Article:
Diagnosis of coeliac disease

Coeliac disease is an inherited intolerance to gluten-containing foods such as wheat, barley and rye. It leads to damage of the intestinal mucosa and to an intestinal resorption disorder. Clinical symptoms of celiac disease are dependent on the extent of mucous membrane damage in the small intestine.

In some patients, the disease manifests itself in childhood, already - mainly between the 9th and 18th month of life. In the adults the disease is much weaker, and often described as latent coeliac disease. Symptoms may be abdominal pain, recurrent diarrhea or flatulence.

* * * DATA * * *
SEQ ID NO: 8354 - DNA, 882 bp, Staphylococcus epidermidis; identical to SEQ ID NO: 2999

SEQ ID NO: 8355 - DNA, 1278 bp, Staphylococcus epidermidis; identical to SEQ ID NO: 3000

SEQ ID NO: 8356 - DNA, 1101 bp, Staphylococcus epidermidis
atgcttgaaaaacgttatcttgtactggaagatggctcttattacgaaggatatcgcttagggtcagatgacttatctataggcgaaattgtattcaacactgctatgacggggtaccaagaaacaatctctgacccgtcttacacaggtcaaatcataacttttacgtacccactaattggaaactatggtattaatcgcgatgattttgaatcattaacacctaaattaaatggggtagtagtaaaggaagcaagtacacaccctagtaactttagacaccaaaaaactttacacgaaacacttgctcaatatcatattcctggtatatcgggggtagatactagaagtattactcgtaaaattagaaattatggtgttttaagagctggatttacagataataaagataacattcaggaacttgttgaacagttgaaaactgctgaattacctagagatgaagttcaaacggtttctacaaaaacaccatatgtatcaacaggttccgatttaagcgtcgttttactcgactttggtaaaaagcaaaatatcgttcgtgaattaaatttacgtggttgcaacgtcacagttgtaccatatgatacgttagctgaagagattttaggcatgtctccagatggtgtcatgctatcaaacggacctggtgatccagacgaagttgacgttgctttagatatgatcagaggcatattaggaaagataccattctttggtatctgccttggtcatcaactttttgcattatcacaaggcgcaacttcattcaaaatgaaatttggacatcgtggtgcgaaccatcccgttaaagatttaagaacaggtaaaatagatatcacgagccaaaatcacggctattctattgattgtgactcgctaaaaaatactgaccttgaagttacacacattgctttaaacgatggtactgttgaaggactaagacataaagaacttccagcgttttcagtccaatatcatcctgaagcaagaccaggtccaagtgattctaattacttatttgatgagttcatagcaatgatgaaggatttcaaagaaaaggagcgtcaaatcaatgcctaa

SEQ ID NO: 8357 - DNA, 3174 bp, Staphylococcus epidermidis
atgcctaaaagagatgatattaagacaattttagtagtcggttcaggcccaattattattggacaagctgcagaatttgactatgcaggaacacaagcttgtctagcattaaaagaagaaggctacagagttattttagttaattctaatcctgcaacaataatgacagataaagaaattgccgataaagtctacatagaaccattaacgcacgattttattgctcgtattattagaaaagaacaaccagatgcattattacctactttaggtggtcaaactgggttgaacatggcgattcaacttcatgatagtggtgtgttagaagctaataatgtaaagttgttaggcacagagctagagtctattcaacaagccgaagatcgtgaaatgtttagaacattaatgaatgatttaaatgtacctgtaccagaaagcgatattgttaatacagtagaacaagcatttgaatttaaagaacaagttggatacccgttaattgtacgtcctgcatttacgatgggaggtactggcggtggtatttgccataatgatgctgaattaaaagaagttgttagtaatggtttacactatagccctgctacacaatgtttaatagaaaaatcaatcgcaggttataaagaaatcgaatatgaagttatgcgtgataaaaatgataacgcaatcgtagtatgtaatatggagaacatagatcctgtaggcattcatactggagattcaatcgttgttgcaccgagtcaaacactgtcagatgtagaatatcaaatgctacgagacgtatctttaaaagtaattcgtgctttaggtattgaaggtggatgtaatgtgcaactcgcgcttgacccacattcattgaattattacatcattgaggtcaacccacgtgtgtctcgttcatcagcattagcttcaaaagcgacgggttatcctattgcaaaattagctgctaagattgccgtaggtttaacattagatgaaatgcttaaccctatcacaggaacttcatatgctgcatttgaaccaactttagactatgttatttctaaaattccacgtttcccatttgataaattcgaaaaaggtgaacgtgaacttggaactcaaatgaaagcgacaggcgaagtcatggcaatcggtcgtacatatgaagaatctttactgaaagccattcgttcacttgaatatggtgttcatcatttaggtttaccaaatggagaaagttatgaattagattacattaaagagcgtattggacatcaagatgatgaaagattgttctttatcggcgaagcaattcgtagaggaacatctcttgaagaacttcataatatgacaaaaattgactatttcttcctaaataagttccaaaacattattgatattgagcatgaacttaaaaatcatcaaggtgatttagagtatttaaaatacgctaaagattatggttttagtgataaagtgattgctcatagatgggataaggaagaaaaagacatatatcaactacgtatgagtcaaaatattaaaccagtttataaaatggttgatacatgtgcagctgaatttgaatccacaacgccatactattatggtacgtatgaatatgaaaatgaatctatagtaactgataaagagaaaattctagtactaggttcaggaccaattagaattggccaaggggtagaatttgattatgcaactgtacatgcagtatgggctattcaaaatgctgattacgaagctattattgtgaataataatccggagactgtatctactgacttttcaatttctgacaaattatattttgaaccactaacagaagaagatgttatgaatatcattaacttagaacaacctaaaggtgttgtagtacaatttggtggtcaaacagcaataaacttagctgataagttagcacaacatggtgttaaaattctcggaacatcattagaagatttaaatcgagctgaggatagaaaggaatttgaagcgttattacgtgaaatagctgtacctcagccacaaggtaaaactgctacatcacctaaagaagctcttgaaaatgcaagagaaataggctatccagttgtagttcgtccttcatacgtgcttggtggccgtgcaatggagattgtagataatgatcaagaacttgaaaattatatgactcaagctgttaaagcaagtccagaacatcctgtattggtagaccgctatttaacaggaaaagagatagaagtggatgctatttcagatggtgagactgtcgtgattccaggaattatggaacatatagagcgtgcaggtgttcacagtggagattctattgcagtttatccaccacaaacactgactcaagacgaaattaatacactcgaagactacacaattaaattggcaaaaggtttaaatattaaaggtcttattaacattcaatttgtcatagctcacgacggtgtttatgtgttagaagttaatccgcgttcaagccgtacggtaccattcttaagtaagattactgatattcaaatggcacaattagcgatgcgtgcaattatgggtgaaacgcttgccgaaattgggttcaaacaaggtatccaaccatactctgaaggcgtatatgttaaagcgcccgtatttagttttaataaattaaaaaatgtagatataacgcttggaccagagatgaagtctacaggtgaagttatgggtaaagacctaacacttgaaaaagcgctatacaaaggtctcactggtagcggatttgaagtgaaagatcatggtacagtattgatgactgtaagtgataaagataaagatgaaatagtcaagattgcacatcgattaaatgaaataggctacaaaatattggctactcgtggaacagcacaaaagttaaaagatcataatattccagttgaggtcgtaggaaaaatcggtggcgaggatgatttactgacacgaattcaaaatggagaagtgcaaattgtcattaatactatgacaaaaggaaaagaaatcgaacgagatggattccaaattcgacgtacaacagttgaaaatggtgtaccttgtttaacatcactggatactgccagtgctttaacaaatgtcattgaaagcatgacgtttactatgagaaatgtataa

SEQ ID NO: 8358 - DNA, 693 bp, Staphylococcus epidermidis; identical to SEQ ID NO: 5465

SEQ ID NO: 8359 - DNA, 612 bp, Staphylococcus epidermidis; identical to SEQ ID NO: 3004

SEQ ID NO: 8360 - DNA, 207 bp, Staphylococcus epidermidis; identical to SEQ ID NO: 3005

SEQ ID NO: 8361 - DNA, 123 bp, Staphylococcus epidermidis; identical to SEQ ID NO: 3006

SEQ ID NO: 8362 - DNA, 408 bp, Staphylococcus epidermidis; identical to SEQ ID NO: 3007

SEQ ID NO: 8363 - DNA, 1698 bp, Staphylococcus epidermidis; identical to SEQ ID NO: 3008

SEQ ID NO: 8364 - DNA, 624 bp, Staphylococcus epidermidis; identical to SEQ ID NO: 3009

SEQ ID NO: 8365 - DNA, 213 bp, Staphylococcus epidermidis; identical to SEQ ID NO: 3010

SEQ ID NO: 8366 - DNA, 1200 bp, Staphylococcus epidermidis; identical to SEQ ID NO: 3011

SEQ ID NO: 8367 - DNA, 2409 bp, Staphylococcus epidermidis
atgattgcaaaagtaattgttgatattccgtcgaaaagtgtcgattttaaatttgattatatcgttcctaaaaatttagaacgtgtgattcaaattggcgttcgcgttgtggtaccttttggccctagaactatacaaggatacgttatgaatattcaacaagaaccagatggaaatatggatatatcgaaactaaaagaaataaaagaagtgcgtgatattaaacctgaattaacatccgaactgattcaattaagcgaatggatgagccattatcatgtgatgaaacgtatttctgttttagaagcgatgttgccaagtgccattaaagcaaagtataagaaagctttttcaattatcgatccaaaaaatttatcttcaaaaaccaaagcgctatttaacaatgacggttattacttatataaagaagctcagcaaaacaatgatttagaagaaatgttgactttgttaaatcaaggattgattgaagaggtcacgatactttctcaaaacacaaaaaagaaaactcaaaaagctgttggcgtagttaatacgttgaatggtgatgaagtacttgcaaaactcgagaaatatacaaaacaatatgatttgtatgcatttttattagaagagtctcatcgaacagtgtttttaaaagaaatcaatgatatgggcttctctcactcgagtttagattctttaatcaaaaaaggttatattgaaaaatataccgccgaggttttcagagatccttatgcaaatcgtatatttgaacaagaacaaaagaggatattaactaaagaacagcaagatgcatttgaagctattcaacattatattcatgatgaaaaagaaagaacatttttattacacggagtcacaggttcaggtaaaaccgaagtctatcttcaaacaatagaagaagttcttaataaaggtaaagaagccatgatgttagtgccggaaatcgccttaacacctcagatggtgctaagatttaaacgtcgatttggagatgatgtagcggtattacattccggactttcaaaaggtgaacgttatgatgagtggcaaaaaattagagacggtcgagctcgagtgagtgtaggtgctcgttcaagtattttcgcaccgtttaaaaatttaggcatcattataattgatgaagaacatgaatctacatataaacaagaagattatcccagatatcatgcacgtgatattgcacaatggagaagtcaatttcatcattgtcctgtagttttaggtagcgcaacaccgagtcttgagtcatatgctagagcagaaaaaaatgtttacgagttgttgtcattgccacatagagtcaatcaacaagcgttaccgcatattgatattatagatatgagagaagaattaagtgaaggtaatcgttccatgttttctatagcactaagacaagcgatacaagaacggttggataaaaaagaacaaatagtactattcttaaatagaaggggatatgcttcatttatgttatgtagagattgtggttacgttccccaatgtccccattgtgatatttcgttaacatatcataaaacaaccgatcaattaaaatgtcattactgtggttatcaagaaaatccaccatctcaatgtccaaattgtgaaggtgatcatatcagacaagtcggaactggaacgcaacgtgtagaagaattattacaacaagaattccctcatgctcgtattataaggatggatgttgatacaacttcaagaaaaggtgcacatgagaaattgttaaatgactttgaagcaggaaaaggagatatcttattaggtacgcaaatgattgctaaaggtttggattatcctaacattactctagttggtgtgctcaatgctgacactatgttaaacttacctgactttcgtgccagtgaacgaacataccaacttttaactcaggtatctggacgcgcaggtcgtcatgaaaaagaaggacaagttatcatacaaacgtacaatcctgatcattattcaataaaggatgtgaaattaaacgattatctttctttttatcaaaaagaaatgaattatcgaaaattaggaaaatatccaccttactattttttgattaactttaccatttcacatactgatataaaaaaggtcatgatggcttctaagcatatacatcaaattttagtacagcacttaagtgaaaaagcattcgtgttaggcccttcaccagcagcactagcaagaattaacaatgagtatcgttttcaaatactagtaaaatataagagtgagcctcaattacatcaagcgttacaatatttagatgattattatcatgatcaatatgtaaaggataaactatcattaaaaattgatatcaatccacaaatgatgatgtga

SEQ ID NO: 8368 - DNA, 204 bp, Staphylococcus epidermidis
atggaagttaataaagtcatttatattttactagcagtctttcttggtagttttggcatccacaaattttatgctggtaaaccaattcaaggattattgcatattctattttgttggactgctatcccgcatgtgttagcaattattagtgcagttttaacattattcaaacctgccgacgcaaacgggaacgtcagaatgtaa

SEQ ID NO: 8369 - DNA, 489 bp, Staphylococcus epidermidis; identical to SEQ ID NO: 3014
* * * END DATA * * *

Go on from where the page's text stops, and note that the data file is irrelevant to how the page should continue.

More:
Epidemiological studies showed, that weak forms of coeliac disease are increasing in the western hemisphere. They may be found in up to 1.5% of the adult population. Since the weak forms of coeliac disease may lead to deficiencies, a diagnostic evaluation is useful. Non-treated coeliac disease increases the risk of developing non-Hodgkin's lymphoma. Furthermore, the risk of colorectal cancer may increase.

If a coeliac disease is suspected, a faecal test is recommended. To confirm the result a blood test is mandatory.

Reference range:

Anti-gliadin >150 mU/g Stool
Anti-transglutaminase > 150 mU/g Stool